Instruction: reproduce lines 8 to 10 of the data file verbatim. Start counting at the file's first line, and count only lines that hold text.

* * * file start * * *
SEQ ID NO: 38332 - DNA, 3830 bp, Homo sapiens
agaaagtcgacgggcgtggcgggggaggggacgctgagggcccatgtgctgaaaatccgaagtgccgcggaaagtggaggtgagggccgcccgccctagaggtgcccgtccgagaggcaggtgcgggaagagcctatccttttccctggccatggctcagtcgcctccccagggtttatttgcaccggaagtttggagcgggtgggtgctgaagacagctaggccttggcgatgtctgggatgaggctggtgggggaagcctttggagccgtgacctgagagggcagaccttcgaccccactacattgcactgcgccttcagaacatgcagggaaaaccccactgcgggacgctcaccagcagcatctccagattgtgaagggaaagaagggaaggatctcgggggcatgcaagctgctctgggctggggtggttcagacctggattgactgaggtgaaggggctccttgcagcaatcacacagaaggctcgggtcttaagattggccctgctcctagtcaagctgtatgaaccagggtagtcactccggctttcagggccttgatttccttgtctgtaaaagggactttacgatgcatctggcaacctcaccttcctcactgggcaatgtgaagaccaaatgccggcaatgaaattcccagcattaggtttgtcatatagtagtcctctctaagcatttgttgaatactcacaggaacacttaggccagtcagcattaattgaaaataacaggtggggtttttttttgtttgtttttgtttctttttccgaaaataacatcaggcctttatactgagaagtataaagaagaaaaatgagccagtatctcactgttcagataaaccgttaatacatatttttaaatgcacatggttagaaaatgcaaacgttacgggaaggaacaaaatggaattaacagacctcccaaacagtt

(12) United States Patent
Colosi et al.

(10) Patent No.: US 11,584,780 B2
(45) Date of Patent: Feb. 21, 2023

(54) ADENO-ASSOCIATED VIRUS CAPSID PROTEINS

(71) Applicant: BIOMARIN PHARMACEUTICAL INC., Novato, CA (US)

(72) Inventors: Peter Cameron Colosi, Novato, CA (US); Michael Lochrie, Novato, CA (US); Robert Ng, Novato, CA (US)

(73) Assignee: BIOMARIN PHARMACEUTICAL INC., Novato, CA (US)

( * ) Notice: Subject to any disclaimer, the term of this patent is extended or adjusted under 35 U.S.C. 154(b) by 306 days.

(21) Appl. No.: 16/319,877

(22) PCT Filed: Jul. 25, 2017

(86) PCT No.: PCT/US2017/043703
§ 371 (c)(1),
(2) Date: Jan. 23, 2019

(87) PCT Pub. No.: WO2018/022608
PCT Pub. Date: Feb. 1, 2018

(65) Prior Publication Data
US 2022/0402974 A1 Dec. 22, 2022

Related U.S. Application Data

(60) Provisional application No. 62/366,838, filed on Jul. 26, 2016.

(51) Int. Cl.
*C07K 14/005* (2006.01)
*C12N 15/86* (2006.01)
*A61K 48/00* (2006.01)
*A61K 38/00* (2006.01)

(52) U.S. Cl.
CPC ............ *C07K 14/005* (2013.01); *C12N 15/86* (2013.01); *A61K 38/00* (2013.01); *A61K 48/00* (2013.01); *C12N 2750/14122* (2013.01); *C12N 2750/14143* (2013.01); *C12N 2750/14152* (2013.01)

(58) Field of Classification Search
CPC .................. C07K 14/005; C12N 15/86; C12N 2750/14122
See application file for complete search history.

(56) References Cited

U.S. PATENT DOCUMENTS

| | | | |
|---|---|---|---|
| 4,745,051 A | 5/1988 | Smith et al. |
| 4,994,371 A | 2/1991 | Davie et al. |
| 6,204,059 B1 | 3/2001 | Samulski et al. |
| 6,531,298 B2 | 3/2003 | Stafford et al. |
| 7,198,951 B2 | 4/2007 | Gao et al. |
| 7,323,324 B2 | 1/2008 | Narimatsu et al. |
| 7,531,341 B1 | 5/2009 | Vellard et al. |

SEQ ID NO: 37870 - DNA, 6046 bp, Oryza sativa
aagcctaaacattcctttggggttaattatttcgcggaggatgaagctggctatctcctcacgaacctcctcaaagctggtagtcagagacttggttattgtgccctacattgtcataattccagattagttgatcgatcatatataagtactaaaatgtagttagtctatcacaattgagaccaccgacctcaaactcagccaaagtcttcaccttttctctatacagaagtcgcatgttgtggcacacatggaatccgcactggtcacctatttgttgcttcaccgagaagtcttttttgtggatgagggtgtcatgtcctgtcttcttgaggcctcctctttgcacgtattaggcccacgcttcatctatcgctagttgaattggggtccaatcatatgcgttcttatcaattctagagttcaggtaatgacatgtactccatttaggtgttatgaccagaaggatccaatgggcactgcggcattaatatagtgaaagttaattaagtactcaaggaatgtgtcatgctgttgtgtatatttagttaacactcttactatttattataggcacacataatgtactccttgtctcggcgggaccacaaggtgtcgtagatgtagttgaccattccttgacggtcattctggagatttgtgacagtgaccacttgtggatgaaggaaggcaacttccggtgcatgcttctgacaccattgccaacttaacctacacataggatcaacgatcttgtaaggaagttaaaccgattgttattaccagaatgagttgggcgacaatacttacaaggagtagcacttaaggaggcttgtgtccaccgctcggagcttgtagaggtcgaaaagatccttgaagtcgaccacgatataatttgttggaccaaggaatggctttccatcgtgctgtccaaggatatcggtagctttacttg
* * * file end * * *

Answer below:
(71) Applicant: BIOMARIN PHARMACEUTICAL INC., Novato, CA (US)

(72) Inventors: Peter Cameron Colosi, Novato, CA (US); Michael Lochrie, Novato, CA (US); Robert Ng, Novato, CA (US)

(73) Assignee: BIOMARIN PHARMACEUTICAL INC., Novato, CA (US)